Collecting the Eisenhower Dollar
Issued from 1971 to 1978, the Eisenhower Dollar commemorated an important figure and a significant event from American history. The series is appreciated by many collectors for its standing as the last large sized dollar coin issued for circulation and the conditional challenges of finding high grade examples of the copper nickel clad issues.
The obverse design of the coin features Dwight D. Eisenhower, who was the supreme commander of allied forces in Europe, a five star general of the United States Army, and the 34th President of the United States. Following his death in 1969, plans were formulated to place his likeness on a circulating coin. The reverse design commemorates the moon landing, which had also taken place in 1969. The design is based on the mission insignia patch from Apollo 11.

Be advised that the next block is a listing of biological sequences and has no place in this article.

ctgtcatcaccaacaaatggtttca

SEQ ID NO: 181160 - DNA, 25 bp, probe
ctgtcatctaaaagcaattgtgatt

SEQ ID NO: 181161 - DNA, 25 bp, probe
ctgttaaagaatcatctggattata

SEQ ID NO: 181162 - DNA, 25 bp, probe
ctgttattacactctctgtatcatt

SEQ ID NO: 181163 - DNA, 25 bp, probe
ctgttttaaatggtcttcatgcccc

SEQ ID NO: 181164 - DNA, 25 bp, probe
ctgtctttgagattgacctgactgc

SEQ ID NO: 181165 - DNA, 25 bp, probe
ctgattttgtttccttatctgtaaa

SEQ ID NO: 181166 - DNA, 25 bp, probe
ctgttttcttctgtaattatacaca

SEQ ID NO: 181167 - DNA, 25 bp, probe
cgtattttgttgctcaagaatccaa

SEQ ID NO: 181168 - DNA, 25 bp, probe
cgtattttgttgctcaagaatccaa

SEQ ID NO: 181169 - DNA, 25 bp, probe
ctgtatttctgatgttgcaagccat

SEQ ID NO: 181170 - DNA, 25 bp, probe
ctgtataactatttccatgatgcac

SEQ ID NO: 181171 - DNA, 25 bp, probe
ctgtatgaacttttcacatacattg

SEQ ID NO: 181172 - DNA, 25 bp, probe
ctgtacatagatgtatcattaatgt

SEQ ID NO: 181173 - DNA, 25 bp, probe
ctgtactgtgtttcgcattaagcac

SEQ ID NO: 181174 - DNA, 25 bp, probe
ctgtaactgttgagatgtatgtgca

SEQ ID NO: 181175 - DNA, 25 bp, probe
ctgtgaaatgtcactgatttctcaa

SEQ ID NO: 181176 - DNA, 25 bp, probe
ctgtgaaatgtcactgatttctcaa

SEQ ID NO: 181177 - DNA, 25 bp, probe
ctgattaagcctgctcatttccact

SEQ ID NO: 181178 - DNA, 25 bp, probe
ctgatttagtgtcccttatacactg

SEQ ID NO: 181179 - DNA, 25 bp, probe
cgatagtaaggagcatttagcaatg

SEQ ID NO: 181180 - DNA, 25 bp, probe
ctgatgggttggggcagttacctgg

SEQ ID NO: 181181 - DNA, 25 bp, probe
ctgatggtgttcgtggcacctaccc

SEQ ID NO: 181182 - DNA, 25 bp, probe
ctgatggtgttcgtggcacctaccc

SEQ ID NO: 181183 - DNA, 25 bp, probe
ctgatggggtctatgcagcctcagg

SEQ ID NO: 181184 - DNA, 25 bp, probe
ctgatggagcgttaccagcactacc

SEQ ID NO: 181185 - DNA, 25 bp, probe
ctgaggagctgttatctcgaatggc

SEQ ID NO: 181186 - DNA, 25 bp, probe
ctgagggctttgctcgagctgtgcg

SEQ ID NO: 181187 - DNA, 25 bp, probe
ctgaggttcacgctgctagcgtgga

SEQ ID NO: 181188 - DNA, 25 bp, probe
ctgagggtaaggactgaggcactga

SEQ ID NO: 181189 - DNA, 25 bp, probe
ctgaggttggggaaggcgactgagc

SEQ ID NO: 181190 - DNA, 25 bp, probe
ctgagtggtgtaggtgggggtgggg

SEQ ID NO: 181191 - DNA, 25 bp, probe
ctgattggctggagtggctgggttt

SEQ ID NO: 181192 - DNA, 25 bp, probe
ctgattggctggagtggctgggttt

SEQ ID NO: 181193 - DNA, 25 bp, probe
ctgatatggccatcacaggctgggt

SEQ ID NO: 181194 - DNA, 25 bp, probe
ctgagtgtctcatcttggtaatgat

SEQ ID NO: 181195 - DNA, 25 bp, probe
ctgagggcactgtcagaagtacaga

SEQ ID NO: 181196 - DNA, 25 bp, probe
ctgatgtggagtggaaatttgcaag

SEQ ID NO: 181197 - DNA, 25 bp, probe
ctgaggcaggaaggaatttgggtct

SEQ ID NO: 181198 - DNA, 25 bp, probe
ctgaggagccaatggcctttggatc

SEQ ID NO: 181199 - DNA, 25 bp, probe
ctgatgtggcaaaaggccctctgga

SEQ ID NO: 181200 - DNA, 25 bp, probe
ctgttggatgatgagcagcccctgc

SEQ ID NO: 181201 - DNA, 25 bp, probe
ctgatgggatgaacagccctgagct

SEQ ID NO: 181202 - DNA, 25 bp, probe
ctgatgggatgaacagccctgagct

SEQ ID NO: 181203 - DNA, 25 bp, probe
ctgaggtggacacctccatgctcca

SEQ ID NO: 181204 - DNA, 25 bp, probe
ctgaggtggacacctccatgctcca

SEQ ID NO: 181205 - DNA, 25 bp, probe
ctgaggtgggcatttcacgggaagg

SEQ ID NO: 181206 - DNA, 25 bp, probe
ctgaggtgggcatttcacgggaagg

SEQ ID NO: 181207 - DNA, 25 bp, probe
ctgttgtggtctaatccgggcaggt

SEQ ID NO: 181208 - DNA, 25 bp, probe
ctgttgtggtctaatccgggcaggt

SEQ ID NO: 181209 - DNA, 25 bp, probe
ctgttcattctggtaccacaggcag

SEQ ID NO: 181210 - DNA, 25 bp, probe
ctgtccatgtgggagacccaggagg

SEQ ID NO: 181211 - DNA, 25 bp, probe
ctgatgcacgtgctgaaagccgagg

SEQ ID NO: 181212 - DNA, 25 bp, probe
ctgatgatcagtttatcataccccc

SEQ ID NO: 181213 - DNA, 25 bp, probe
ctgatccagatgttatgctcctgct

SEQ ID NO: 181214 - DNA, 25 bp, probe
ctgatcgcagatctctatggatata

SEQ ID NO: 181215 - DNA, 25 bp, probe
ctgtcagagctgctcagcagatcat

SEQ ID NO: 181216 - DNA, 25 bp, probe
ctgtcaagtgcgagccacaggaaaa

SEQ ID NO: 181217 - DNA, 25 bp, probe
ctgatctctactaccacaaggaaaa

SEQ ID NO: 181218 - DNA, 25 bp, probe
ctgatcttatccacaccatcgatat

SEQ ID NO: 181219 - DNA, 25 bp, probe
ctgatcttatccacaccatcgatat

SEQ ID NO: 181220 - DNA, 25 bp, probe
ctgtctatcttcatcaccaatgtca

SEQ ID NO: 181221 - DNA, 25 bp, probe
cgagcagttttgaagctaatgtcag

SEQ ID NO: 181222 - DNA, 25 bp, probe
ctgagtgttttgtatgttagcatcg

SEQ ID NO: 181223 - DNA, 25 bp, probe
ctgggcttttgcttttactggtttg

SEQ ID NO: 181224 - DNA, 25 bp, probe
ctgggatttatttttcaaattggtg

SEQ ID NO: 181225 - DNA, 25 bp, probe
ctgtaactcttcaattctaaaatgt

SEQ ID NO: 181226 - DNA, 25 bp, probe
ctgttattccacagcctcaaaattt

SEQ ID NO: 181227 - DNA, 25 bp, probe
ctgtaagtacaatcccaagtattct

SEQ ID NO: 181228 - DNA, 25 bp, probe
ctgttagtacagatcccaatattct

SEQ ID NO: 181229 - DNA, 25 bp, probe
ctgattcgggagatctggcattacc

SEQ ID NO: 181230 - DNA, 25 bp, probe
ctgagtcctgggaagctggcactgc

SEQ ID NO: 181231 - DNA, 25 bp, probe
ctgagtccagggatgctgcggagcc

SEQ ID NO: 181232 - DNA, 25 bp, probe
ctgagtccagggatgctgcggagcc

Designs for the Eisenhower Dollar were both rendered by Frank Gasparo, who was the chief engraver at the United States Mint. A few years earlier, he had also designed the Kennedy Half Dollar.
Collecting the Eisenhower Dollar can be an achievable goal even for beginning collectors. Although the series had a duration of only eight years, multiple coins struck for collectors and major varieties make a basic set comprise 32 different coins. This will include 40% silver versions struck at the San Francisco Mint for 1971-1974 and 1976, as well as the Variety 1 and Variety 2 reverse types for the 1976 Bicentennial issue. A slightly greater challenge can be found in adding the three different reverse varieties found for the 1972 Eisenhower Dollars. The type 2 reverse is scarce and drives a premium.
A more challenging endeavor is to assemble a higher grade collection of coins. A combination of factors makes high grade examples of the copper nickel clad circulation strikes extremely elusive. For some issues, even examples graded MS65 can be a challenge. Collectors seeking to form Registry Sets with all circulating coins graded MS66 or higher will need time and a large budget to accomplish their goal.